According to BBC, over 570,000 women in the UK are awaiting assistance. Patients were “consistently deprioritized and neglected,” according to the Royal College of Obstetricians and Gynaecologists (RCOG).
According to NHS England, hospitals are progressing in addressing the Covid backlog, with average waiting times for elective treatment decreasing.
The RCOG advocates for a greater focus on women’s perspectives and cares tailored to their specific needs.
Chetna Mistry describes herself as a “prisoner” of endometriosis, a painful illness in which tissue that grows in other places, such as the ovaries, is comparable to the womb’s lining.
“It’s a whole-body sickness that affects you physically and mentally,” she said.
It rendered her infertile, and she now requires a hysterectomy at 42.
Chetna claimed she was referred to a specialist in June 2020, but she has yet to receive a surgical date 21 months later.
Meanwhile, she has been brought to the hospital on multiple occasions due to unbearable agony, and she believes her condition has worsened.
She stated, “Due to the pain, I’m housebound. I’m a shell of the person I used to be.”
For Lucy Reddin, pain is a daily companion.
She hasn’t worked in over a month. However, she believes that a hysterectomy would address many of her issues.
In March 2021, she was referred for assistance and stated she required assistance while on the waiting list.
Lucy expressed herself as follows: “It’s inhumane. It’s inhumane to keep someone waiting for that long.” You wouldn’t do something like that to a dog. Why are we subjecting ourselves to this?”
She wants more information on pain management and mental health treatments.
“I felt suicidal at times with this condition, the level of suffering it brings me,” she added, her voice breaking.
“I’d like to believe I’d never do something like that. But in that time of suffering, all you want is to stop, for it to go away.”
The pandemic did not cause gynecological problems, but it made them worse.
The gynecology waiting list in England was 286,008 in February 2020.
According to the latest numbers, it has climbed to 456,938 in January 2022.
Before COVID, 66 patients had been waiting for therapy for more than a year. That number has now risen to around 25,000.
For the past two years, almost 1,300 people have been on a waiting list.
Because the devolved nations gather and report statistics slightly differently, direct comparisons with Scotland, Wales, and Northern Ireland are impossible.
However, gynecology waiting lists are expanding across the UK.
Many of these ailments worsen with time. They may require more sophisticated or invasive surgery if they are not treated.
Dr. Edward Morris, head of the Royal College of Obstetricians and Gynecologists, said he felt helpless because he couldn’t help women and others on his waiting lists get care faster.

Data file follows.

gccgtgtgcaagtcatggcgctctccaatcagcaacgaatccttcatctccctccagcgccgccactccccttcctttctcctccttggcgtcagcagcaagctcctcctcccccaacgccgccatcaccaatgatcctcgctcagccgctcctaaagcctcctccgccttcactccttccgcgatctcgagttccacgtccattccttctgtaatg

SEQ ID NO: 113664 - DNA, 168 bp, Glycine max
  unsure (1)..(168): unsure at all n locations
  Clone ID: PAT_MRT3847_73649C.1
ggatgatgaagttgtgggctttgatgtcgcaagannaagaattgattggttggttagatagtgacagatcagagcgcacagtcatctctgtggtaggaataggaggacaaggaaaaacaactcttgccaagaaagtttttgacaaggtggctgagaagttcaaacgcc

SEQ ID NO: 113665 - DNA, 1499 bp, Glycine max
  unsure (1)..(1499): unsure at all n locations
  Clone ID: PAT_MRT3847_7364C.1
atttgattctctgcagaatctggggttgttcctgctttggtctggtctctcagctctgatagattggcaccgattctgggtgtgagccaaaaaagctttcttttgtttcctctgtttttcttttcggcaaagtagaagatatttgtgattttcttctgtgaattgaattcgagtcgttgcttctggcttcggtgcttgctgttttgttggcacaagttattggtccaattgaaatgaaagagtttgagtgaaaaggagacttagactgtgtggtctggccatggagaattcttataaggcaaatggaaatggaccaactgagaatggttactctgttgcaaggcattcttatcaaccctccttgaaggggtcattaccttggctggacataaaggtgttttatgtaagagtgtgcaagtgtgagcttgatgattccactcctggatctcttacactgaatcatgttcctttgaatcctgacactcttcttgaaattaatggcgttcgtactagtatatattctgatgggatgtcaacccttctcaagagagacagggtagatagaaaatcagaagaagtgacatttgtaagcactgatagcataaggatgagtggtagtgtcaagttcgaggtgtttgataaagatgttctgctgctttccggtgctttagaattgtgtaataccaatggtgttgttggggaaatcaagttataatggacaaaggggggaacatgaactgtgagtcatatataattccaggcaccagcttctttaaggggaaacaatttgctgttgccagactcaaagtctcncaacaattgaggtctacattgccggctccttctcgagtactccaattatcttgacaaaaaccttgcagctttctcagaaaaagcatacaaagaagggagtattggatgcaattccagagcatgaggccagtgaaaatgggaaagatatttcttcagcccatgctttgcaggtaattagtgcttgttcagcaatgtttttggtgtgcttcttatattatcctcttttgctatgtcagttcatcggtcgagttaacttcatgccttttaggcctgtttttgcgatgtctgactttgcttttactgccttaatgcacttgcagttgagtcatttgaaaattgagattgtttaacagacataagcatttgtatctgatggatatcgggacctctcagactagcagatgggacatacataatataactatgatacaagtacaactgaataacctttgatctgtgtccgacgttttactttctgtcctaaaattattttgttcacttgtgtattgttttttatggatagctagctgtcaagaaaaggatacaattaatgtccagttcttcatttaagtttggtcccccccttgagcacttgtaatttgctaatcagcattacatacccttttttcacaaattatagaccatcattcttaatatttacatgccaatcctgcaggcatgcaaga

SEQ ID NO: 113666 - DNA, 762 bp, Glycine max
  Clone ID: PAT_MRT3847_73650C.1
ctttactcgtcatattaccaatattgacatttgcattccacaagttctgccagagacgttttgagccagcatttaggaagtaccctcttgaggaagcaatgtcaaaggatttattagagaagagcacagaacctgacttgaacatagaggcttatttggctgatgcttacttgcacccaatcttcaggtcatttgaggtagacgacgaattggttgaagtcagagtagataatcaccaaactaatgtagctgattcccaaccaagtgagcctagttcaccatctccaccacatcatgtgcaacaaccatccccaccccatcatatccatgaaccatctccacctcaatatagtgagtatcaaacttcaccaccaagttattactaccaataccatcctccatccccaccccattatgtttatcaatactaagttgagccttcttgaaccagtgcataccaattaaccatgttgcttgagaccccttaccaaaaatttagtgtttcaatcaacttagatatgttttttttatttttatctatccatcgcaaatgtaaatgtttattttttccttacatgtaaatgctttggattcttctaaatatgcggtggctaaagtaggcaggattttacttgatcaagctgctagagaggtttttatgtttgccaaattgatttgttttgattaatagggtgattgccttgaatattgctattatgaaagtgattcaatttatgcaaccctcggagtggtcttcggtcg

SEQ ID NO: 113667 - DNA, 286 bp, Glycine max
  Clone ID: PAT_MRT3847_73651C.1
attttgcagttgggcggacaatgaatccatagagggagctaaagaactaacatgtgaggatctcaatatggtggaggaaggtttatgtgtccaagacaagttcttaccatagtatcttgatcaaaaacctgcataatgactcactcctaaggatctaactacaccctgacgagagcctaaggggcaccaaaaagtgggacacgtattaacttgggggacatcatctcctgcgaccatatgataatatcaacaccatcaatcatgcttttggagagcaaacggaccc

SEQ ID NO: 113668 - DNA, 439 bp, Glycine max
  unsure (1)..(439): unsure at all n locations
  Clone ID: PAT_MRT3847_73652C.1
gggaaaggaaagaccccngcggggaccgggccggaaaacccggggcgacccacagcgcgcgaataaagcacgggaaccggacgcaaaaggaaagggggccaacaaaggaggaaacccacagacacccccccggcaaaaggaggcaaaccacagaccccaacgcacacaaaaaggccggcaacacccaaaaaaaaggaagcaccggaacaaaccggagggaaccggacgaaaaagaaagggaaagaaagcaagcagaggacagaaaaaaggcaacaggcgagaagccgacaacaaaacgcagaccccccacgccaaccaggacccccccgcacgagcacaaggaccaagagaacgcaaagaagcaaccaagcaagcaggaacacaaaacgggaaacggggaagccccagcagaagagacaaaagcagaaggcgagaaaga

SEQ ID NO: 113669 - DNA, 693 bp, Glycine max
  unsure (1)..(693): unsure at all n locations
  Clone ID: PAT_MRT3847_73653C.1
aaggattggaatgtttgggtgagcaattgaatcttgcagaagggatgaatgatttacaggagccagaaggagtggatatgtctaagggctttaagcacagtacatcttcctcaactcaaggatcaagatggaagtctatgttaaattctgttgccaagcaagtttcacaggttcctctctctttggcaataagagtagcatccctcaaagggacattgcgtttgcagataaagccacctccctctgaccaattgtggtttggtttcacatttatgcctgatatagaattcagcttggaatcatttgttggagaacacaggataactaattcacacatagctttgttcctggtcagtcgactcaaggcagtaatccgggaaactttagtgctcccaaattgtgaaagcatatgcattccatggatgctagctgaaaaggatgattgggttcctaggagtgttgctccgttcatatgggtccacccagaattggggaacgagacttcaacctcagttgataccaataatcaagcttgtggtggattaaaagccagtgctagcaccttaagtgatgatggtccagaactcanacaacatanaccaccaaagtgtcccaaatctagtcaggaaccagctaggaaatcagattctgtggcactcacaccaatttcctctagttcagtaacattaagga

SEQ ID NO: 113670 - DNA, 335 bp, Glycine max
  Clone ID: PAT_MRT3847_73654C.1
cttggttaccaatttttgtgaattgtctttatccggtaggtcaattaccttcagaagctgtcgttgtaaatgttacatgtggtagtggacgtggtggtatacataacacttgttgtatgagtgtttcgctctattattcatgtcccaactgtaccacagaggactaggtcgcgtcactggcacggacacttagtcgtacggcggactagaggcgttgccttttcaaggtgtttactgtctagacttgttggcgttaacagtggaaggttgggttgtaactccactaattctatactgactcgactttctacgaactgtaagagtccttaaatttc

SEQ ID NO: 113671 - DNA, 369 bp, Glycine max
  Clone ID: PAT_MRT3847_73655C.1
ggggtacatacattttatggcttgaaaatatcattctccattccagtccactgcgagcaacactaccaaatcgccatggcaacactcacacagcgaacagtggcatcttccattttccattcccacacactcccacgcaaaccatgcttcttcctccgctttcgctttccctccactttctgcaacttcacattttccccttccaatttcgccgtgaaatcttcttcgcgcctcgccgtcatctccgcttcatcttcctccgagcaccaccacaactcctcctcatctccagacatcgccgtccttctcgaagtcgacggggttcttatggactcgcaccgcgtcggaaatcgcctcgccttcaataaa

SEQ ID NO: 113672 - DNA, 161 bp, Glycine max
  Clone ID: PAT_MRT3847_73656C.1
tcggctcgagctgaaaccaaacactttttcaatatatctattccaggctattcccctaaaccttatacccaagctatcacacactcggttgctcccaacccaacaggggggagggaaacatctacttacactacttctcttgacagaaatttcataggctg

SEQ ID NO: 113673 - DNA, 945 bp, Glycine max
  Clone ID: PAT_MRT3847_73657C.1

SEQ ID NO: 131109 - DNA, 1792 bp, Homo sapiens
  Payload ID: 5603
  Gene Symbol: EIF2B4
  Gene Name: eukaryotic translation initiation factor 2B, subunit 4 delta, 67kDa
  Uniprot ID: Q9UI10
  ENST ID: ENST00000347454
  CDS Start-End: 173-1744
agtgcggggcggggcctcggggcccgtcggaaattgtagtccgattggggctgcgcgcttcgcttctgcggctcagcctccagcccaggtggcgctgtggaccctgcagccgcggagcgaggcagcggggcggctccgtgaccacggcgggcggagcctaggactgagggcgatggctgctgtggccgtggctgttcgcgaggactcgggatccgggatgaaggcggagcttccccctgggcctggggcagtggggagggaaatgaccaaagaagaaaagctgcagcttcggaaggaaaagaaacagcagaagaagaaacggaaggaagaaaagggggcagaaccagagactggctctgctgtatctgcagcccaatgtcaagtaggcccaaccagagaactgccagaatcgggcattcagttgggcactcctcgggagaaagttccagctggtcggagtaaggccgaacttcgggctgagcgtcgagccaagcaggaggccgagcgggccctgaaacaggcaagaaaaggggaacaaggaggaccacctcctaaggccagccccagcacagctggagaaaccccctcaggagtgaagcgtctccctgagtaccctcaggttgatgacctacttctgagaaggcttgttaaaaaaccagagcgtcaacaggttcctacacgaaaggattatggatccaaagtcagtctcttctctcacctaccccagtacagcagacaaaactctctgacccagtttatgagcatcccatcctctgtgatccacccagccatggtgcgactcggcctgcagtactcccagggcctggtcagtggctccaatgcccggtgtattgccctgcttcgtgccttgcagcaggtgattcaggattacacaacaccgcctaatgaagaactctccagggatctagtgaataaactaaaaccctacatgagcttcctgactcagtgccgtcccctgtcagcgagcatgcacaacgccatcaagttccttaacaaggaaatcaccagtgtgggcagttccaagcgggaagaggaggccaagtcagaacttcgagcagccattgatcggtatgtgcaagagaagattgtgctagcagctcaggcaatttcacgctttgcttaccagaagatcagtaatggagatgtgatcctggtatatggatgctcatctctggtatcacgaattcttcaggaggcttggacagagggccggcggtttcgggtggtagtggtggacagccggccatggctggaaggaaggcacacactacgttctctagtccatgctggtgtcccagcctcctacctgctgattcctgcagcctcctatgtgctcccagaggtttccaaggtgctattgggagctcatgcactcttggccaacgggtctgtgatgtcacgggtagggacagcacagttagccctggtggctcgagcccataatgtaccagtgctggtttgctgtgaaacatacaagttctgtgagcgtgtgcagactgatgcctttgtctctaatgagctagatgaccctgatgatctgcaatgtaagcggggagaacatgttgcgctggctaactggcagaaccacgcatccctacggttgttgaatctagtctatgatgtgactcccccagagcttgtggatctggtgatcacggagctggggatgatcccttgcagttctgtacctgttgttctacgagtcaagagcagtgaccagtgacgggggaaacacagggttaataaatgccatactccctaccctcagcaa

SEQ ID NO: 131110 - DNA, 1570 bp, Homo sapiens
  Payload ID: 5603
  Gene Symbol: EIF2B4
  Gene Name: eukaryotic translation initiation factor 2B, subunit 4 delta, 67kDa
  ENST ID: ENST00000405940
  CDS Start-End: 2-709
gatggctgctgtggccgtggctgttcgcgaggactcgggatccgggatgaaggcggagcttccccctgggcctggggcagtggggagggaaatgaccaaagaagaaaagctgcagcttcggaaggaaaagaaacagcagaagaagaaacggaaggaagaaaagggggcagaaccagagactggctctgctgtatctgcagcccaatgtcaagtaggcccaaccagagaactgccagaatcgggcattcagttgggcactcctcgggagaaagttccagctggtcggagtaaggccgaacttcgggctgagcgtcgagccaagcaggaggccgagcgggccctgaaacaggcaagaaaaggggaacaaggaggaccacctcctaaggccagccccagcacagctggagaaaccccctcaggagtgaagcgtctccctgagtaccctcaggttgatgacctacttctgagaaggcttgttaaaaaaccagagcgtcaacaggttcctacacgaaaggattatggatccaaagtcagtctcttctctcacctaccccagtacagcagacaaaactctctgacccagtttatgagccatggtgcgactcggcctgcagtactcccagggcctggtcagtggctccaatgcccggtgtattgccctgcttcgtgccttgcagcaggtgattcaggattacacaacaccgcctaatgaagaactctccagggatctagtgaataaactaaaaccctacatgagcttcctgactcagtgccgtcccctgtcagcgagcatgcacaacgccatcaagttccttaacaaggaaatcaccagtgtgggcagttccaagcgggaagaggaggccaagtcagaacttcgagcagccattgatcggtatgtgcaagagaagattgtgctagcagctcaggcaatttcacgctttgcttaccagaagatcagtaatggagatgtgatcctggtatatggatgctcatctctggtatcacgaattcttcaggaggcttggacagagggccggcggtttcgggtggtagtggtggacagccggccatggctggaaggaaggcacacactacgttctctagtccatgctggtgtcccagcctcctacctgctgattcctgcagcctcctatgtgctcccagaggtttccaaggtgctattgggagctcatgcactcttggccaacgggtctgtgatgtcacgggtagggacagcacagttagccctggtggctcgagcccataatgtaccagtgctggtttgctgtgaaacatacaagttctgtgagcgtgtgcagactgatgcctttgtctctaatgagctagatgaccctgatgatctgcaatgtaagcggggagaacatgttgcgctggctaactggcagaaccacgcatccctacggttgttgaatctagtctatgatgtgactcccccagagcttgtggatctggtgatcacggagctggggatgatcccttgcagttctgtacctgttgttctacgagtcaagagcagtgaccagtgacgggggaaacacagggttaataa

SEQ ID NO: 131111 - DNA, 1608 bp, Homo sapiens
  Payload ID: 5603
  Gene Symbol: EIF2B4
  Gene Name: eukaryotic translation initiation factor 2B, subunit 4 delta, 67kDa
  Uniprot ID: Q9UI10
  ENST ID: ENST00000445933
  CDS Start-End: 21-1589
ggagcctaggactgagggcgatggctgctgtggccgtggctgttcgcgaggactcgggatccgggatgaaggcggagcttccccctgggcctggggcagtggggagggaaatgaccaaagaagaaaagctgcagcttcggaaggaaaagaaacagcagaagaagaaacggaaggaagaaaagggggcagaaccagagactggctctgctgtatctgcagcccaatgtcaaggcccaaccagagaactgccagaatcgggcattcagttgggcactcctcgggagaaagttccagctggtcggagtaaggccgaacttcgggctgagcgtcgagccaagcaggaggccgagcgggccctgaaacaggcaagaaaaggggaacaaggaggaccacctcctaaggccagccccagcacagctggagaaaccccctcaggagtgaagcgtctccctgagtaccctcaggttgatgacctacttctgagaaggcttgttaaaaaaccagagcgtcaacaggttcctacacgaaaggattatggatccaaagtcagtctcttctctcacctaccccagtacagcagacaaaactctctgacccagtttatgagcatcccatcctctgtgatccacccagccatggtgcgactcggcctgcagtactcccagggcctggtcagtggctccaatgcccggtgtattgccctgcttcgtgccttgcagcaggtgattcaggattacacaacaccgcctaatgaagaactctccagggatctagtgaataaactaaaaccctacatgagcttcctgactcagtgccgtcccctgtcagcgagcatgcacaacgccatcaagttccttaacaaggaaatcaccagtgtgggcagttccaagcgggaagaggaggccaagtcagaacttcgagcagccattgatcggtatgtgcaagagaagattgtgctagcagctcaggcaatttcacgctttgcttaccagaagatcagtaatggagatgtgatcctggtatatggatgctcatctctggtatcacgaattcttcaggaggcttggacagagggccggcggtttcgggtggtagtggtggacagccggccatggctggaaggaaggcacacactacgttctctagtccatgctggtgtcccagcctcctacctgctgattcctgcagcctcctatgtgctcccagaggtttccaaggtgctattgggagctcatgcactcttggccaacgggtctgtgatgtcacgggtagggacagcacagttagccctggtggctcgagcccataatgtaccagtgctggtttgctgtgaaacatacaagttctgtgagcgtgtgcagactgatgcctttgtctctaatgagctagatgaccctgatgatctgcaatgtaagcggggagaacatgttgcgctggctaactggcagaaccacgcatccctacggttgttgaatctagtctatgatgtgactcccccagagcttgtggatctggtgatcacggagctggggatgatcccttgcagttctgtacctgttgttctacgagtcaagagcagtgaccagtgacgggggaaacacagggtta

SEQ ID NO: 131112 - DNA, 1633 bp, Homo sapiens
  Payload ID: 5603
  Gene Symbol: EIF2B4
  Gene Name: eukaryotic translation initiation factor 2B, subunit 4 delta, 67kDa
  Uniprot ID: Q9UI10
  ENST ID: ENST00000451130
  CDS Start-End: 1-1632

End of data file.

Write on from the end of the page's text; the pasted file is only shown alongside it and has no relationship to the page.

“In certain ways, the system is biased against women. I don’t feel we are listening to women’s voices as attentively as we should be. They are not being given the priority they require.”
The Royal College of Physicians surveyed 830 women on waiting lists to learn about the other factors affecting their lives.
Eight out of ten people reported their mental health had deteriorated, and 77% claimed their condition prevented them from working or socializing.
Fertility can be harmed by conditions such as endometriosis and fibroids.
Some women must wait for surgery to correct these issues before beginning reproductive treatment. However, IVF on the NHS has an age limit for some women.
The NHS is experiencing record wait times across the board, with more than six million patients in England on the waiting list.
It is predicted to deteriorate before improving. According to the National Audit Office, the number could climb to between seven and twelve million in the next few years.
People in life-threatening situations receive a lot of attention.
On the other hand, Dr. Morris wants things to be “equalized across the NHS” so that gynecology gets the same attention as other disciplines.
According to him, officials must first listen to women, understand the impact these conditions have on their lives, and then develop care around them.
“NHS hospitals have treated over 640,000 COVID patients, all while putting out the largest and fastest vaccine program in NHS history,” a representative for the NHS stated, “but backlogs have built up over the previous two years since the epidemic began.”
However, the staff is making progress in addressing the Covid backlog, with the most recent data showing that in January, the team performed more than half a million more tests, checks, and procedures than in the same month last year. The average waiting times for elective treatment are down by more than six weeks from their peak during the pandemic. So, as has been the case throughout the pandemic, please come forward for care if you have any concerns.